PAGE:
|Publication number||US5532274 A|
|Application number||US 08/090,163|
|Publication date||Jul 2, 1996|
|Filing date||Jan 23, 1992|
|Priority date||Jan 23, 1991|
|Also published as||CA2101164A1, CA2101164C, DE4101873A1, DE4101873C2, DE59207852D1, EP0568577A1, EP0568577B1, WO1992012710A1|
|Publication number||08090163, 090163, PCT/1992/43, PCT/DE/1992/000043, PCT/DE/1992/00043, PCT/DE/92/000043, PCT/DE/92/00043, PCT/DE1992/000043, PCT/DE1992/00043, PCT/DE1992000043, PCT/DE199200043, PCT/DE92/000043, PCT/DE92/00043, PCT/DE92000043, PCT/DE9200043, US 5532274 A, US 5532274A, US-A-5532274, US5532274 A, US5532274A|
|Inventors||Udo Wenzel, Gunther Weber, Jurgen Metzner, Alfred Darr, Sabine Freitag, Frank-Ulrich Flother, Frank-Michael Albert, Margit Haase, Edith Leistner|
|Original Assignee||Isis Pharma Gmbh|
|Export Citation||BiBTeX, EndNote, RefMan|
|Patent Citations (5), Referenced by (25), Classifications (19), Legal Events (8)|
|External Links: USPTO, USPTO Assignment, Espacenet|
This application is a 371 of PCT/DE92/00043, filed Jan. 23, 1992.
This invention relates to orally administrable drug formulations, which contain a combination of the drugs levodopa and carbidopa in defined proportions, as well as a process for their manufacture. The invention is useful in the pharmaceutical industry and makes available a pharmaceutical preparation which can be used for treatment of Parkinson's disease.
Serious disorders of the movement automatism, e.g., Parkinson's disease, occur frequently with increasing age.
The cerebral deficiency of neurotransmitters dopamine in the basal ganglions of the brain of the diseased person, in particular, in the corpus striatum, as a consequence of a nigrostrialis degeneration of unknown etiology necessary for the extra pyramidal motoricity, leads to an imbalance between the dopaminogenic and cholinogenic neurotransmitter systems transmitting dopamine which brings about the coordination of movement.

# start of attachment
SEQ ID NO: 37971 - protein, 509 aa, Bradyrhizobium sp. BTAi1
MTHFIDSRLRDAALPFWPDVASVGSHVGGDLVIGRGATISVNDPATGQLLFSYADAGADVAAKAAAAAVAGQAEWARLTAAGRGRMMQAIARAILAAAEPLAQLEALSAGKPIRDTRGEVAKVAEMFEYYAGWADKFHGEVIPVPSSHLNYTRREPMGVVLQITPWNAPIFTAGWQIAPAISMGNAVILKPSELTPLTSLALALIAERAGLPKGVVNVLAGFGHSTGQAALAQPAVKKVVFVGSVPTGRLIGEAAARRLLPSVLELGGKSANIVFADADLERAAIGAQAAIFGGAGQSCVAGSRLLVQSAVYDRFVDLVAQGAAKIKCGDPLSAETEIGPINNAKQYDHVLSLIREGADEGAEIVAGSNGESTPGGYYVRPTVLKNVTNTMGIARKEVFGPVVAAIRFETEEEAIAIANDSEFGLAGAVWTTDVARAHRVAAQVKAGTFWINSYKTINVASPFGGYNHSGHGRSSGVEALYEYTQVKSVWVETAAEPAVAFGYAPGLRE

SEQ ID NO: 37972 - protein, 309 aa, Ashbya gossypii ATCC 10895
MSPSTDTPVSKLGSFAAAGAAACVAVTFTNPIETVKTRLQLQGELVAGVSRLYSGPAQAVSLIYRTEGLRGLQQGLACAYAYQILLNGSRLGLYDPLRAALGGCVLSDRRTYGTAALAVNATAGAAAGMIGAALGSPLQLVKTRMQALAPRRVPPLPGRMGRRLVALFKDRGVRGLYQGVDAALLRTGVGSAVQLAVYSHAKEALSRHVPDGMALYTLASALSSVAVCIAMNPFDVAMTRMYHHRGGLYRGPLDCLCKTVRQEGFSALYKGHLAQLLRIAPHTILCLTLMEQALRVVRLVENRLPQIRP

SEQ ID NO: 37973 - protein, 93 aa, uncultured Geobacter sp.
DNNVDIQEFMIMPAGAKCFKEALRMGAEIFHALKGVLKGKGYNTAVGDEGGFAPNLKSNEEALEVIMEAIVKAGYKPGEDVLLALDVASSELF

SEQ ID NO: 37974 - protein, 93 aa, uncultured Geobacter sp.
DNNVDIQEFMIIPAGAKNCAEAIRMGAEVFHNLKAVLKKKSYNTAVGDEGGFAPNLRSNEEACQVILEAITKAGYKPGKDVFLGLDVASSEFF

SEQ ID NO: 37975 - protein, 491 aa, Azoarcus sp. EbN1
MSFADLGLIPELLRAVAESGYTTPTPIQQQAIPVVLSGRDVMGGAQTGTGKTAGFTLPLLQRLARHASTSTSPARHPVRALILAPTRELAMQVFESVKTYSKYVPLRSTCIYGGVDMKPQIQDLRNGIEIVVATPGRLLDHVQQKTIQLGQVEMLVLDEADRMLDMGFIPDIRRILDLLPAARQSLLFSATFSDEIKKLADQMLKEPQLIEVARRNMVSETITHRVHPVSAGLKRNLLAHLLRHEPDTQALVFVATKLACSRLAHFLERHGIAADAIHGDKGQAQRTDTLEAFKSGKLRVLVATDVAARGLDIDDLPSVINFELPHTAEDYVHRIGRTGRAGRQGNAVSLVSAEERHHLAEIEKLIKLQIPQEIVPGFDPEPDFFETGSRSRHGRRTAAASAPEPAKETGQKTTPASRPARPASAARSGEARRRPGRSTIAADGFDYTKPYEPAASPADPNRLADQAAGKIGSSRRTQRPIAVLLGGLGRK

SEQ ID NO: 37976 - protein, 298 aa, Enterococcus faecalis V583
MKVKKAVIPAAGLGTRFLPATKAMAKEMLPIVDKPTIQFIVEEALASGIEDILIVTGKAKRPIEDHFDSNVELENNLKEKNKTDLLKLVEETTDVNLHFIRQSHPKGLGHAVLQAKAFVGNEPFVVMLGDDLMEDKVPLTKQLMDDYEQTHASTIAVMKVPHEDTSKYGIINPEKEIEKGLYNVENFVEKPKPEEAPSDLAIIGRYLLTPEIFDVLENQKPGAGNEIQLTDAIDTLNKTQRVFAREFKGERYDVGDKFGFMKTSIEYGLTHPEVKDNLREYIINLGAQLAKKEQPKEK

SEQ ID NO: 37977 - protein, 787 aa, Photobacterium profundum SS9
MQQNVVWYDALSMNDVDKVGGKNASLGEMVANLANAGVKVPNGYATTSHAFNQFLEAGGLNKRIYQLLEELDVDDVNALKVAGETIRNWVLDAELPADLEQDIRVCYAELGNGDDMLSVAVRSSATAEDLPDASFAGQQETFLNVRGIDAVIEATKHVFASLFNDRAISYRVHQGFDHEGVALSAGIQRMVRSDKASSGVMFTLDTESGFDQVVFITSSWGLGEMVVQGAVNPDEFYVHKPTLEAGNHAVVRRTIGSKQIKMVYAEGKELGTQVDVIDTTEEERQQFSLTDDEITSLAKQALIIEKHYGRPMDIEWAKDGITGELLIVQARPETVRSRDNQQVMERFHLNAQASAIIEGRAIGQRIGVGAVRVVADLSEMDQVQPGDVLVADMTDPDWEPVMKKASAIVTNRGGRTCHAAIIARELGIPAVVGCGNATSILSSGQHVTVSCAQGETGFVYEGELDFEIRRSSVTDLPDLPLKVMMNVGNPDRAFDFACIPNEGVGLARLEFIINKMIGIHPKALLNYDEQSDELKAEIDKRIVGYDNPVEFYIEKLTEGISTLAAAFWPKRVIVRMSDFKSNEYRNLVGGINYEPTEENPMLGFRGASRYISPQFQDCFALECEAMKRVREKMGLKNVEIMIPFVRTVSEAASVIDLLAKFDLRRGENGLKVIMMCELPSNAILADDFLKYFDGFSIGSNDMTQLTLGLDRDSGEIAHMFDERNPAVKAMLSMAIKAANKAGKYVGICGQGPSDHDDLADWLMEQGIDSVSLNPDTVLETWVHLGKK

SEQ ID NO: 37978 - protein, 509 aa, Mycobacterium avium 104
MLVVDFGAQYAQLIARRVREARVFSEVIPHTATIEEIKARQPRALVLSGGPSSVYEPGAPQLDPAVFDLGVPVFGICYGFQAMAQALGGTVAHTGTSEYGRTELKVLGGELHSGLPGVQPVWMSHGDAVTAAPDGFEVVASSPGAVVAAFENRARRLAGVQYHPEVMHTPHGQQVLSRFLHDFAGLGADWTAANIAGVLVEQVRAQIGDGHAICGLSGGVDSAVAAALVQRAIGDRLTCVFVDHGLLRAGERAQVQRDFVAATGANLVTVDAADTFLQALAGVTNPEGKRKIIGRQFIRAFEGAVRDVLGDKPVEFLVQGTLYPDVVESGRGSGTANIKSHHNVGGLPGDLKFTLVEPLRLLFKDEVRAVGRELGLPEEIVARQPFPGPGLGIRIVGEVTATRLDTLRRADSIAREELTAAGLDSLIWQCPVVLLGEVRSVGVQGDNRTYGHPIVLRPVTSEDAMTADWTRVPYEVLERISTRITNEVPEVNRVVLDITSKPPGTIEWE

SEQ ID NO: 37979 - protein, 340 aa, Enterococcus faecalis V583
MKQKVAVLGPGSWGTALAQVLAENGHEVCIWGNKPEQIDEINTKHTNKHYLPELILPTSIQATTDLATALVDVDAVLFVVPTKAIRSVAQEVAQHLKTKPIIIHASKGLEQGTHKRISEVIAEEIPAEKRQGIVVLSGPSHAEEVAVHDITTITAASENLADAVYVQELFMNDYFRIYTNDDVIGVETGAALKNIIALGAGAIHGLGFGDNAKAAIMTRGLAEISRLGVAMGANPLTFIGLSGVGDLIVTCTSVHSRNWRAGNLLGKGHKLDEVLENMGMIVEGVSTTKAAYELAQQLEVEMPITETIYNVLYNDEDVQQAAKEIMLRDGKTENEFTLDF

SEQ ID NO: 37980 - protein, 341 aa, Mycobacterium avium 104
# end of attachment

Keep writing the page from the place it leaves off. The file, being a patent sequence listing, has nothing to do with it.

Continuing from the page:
A substitution of the missing biogenous amine can be achieved by supplying its precursor levodopa, which penetrates the blood-brain barrier; said levodopa being absorbed into the dopaminogenic neurons and decarboxylated into dopamine. (Birkmayer, Hornkiewics, Wien, Klin. Wochenschrift 73 (1961), 787.) It is known that the peripheral dopadecarboxylation of levodopa by the simultaneous oral administration of a suitable decarboxylase inhibitor, e.g., carbidopa (DE-PS 30 12 602, U.S. Pat. No. 3,769,424), or benserazide (DE-PS 32 35 093) is largely suppressed, resulting in a distinct increase of the levodopa-serum level, which renders possible a relevant reduction of the therapeutically necessary dosage and a decrease of associated gastrointestinal and cardiovascular side effects.
The manufacture of capsules and film tablets containing levodopa and carbidopa, and tablets capable of floating in the gastric fluid (GB-PS 1 243 474, U.S. Pat. No. 4,424,235, BE-PS 894 376), is known. Furthermore, international standards have required, up to the present, a very fast in vitro liberation (USP XXI). In addition, methods for the manufacture of pharmaceutical preparations, from which the medicinal substances levodopa and carbidopa are released slowly and simultaneously, are known. These pharmaceutical preparations, for example, can be polymer matrices (EP-PS 0 253 490, EP-PS 0 320 051), pellets (DE-PS 38 41 955, EP-PS 0 260 236, EP-PS 0 324 947), or also multi-layered molded shapes (EP-PS 0 302 693, EP-PS 0 314 206).
It is also known that the transformation of a medicinal substance, or of a medicinal substance mixture, into a medicinal formulation is essential for influencing the bioavailability. At the same time, it is known to make manageable very low drug dosages by means of suitable pharmaceutical adjuvants, or, as the case may be, to counteract drug incompatibilities in drug mixtures, or to guarantee the chemical stability of one or several drugs. Furthermore, for the manufacture of tablets, a multitude of procedures are known, the aim of which is to transfer pulverized drugs, or mixtures of pulverized drugs and pharmaceutical adjuvants, into tablets under technical conditions. It is known that, by means of an addition of suitable pharmaceutical adjuvants to the drugs or the drug-adjuvant mixtures, it is possible to influence and change the characteristics of the compositions, e.g., stability, electrostatic charge, flow characteristics and tableting characteristics, as well as their bioavailability.